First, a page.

The Tortoise & the Hare
“The Tortoise and the Hare”, from an edition of Aesop’s Fables illustrated by Arthur Rackham, 1912
The Tortoise and the Hare is a fable attributed to Aesop and is number 226 in the Perry index. The story concerns a hare who ridicules a slow-moving tortoise and is challenged by him to a race. The hare soon leaves the tortoise behind and, confident of winning, decides to take a nap midway through the course. When he awakes, however, he finds that his competitor, crawling slowly but steadily, has arrived before him. The meaning is morally problematic and the story has been interpreted in a variety of ways over the centuries.
As in several other fables by Aesop, there is a moral ambiguity about the lesson it is teaching. Later interpreters have asserted that it is the proverbial ‘the more haste, the worse speed’ (Samuel Croxall) or have misapplied to it the Biblical observation that ‘the race is not to the swift’ (Ecclesiastes 9.11). In Classical times it was not the Tortoise’s plucky conduct in taking on a bully that was emphasised but the Hare’s foolish over-confidence. He really is the better endowed and, knowing this, should not have allowed himself to take up the tortoise’s foolish challenge. From that point of view, those asserting that the story’s lesson is that ‘slow but steady wins the race’ (Townsend) are dangerously wrong, a point that has not been lost on the modern business community.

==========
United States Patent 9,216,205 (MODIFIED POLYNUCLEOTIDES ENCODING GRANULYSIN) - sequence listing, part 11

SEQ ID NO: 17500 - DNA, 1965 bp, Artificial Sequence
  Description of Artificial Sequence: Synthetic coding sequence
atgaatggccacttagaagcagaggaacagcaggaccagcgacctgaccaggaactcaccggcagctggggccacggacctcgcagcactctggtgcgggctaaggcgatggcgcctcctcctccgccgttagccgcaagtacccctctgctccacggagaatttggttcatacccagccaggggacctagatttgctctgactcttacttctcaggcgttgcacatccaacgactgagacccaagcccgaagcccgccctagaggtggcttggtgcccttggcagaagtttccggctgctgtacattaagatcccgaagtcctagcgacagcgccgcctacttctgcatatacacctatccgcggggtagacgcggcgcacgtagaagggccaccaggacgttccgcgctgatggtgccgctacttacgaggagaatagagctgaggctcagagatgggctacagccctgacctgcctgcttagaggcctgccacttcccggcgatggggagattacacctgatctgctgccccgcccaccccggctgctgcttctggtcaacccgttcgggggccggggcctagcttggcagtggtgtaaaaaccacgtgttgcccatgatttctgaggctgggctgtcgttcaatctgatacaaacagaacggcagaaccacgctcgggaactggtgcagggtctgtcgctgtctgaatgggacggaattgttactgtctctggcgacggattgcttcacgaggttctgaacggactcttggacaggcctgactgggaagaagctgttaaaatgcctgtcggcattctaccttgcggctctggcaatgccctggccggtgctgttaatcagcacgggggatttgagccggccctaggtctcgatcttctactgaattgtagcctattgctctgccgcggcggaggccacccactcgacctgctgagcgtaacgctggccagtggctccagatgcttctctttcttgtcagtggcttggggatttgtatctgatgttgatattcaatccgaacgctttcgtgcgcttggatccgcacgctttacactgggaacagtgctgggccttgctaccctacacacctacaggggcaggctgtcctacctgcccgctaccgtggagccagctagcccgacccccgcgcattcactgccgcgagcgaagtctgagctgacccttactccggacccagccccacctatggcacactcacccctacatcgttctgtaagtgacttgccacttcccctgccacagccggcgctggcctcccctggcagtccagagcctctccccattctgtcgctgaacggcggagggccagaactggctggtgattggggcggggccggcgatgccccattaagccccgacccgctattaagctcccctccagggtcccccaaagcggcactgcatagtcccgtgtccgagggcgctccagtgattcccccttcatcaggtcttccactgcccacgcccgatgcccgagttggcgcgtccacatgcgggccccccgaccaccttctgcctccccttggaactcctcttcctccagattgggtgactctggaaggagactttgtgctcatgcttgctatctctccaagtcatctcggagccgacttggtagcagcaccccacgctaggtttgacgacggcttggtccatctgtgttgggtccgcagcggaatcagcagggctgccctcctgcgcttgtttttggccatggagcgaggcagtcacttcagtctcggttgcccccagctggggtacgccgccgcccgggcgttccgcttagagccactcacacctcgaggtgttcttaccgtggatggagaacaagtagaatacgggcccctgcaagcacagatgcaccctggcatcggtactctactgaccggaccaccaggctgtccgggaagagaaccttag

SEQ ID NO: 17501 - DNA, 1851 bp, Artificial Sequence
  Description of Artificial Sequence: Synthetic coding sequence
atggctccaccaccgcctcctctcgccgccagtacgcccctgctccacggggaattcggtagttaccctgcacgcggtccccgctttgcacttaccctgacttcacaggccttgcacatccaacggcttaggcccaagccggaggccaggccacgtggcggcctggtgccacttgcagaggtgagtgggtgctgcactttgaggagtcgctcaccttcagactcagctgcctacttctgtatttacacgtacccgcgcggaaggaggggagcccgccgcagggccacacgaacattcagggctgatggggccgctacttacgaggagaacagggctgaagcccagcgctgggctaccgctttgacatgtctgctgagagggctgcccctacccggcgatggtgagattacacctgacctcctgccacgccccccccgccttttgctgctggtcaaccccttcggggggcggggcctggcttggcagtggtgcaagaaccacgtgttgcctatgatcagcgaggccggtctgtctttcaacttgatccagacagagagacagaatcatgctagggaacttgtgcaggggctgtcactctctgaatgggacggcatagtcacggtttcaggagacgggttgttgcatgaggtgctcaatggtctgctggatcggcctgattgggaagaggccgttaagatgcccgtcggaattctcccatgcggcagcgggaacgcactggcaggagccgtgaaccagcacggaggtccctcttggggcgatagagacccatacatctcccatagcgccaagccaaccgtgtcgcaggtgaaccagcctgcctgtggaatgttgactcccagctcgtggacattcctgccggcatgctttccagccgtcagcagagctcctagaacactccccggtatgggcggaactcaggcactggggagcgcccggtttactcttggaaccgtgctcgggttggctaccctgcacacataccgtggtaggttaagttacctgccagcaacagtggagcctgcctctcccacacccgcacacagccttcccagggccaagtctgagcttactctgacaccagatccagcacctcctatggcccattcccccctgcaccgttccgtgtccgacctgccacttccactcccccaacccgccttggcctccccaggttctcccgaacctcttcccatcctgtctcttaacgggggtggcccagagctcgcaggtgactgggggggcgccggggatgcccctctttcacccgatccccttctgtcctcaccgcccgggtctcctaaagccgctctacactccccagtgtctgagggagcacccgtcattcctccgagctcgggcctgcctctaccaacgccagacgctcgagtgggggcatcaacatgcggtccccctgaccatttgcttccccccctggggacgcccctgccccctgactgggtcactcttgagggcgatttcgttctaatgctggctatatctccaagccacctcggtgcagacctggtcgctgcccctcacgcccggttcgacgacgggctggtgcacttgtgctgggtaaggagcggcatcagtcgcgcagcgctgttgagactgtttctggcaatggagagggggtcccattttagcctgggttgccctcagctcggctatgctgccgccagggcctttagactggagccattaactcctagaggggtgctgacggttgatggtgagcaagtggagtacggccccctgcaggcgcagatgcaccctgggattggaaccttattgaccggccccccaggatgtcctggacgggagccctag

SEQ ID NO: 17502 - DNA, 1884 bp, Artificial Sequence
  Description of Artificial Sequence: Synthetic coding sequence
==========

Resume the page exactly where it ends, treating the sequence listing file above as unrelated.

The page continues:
Lord Dunsany brings out this view in his satirical “The True Tale of the Tortoise and the Hare” (1915). In it the hare realises the stupidity of the challenge and refuses to proceed any further. The obstinate Tortoise continues to the finishing line and is proclaimed the swiftest by his backers. But, continues Dunsaney, the reason that this version of the race is not widely known is that very few of those that witnessed it survived the great forest-fire that happened shortly after. It came up over the weald by night with a great wind. The Hare and the Tortoise and a very few of the beasts saw it far off from a high bare hill that was at the edge of the trees, and they hurriedly called a meeting to decide what messenger they should send to warn the beasts in the forest. They sent the Tortoise.
Even in Classical times the dubious story was annexed to a philosophical problem by Zeno of Elea in one of many demonstrations that movement is impossible to define satisfactorily. The second of Zeno’s paradoxes is that of Achilles and the Tortoise, in which the hero gives the Tortoise a head start in a race. The argument attempts to show that even though Achilles runs faster than the Tortoise, he will never catch up with her because, when Achilles reaches the point at which the Tortoise started, the Tortoise has advanced some distance beyond; when Achilles arrives at the point where the Tortoise was when Achilles arrived at the point where the Tortoise started, the Tortoise has again moved forward. Hence Achilles can never catch the Tortoise, no matter how fast he runs, since the Tortoise will always be moving ahead.
The only satisfactory refutation has been mathematical and since then the name of the fable has been applied to the function described in Zeno’s paradox. In mathematics and computer science, the tortoise and the hare algorithm is an alternate name for Floyd’s cycle-finding algorithm.